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India’s election discourse: reflections of a disappointed voter

What should Indian voters learn from the spirit of India's election discourse in April? With each passing day, a new allegation, a new set of outlandish statements and a new controversy emerged, just enough to deflect attention from the grave issues facing the country.

Nidhi Shendurnikar
20 June 2014

As I got my finger inked on April 30, as part of what is coined 'the greatest celebration of democracy', I reflected upon the nature of the political discourse amidst the mind-boggling election campaigns that had been going on for months.

Young female voter showing her voter identity card in a queue in Sikkim, India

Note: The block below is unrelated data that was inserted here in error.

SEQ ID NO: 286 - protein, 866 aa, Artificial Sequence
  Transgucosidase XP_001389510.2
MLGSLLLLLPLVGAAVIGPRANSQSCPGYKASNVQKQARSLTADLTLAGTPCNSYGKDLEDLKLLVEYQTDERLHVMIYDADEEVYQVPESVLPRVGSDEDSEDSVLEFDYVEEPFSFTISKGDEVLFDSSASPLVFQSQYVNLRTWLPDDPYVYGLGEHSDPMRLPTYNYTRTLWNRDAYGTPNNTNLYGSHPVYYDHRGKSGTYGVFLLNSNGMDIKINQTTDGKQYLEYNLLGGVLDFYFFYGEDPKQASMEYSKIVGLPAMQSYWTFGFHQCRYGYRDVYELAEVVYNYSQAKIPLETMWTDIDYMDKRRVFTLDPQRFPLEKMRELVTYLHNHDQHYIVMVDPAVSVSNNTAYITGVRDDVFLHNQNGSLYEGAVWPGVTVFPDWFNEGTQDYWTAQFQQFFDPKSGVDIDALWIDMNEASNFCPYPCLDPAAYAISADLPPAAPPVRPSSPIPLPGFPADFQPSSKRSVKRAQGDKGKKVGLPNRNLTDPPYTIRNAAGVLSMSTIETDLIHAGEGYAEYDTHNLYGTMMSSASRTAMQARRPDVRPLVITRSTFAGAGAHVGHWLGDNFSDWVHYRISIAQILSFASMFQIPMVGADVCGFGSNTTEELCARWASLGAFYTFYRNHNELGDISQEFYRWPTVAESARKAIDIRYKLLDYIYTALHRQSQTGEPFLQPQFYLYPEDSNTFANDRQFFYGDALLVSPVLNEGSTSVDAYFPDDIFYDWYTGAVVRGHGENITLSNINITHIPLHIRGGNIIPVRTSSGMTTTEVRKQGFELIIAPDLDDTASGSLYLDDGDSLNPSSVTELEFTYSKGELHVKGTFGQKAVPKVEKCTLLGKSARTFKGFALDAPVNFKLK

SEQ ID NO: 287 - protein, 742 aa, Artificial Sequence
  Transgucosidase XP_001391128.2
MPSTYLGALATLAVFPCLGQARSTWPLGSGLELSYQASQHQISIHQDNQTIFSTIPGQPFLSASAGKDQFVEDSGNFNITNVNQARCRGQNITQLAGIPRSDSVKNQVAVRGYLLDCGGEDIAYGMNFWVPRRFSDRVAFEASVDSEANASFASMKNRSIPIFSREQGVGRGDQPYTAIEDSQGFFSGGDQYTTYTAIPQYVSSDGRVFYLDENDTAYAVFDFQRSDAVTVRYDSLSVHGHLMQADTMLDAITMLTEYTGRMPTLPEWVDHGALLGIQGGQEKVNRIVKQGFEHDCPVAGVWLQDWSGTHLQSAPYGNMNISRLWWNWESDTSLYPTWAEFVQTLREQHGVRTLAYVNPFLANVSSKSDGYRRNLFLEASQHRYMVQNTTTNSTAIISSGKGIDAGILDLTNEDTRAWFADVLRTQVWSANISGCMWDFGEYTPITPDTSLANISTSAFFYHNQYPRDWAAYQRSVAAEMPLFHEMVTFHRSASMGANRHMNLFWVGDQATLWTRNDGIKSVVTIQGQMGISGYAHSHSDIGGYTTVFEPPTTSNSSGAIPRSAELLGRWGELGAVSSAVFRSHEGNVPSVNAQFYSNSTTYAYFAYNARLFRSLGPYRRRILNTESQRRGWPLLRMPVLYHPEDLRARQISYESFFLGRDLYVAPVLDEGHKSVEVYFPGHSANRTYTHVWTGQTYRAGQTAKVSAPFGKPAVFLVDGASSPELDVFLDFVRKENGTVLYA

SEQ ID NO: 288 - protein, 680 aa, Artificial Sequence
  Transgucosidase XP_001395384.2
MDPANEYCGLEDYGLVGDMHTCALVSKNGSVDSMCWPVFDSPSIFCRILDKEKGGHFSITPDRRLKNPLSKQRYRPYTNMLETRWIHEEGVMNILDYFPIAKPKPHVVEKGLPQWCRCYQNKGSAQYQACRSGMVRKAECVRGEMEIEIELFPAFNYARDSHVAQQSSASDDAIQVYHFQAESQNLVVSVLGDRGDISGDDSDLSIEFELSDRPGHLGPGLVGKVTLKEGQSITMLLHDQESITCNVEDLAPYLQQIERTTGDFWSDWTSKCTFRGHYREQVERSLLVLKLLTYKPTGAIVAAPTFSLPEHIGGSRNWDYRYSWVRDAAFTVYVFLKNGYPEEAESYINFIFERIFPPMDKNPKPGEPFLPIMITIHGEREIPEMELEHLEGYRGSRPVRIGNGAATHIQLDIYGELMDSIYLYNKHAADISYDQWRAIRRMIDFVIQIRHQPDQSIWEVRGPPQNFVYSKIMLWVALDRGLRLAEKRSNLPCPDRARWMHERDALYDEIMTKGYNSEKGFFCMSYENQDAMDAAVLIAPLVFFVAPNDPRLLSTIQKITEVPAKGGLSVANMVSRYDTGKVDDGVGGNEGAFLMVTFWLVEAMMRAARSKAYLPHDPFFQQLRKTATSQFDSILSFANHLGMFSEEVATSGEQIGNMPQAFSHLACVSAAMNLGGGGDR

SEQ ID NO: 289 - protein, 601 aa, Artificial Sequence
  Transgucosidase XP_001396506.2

As a voter, can one be left as anything other than completely disillusioned with the kind of discourse that dominates India’s general elections? Two defining characteristics are the overdose of a ‘secular vs. communal’ framework, and the highly irresponsible and outrageous statements dished out by political contenders across party lines. Is this what people of the world’s largest democracy should expect from their political class? And where, If this continues--more than likely--are we headed? A young voter in a queue during India's general election. Wikimedia/Press Bureau of India. Some rights reserved.Surprising enough, after six decades of independence, our election discourse turned out to be more regressive than ever before. Unfortunately, aside from all the big expectations of “acche din aane wale hain” (BJP campaign slogan and song, 'good days are ahead'); our political class has actually managed to reduce the elections to a verbal duel where all you do is to outwit the other until the next sound byte or TV appearance.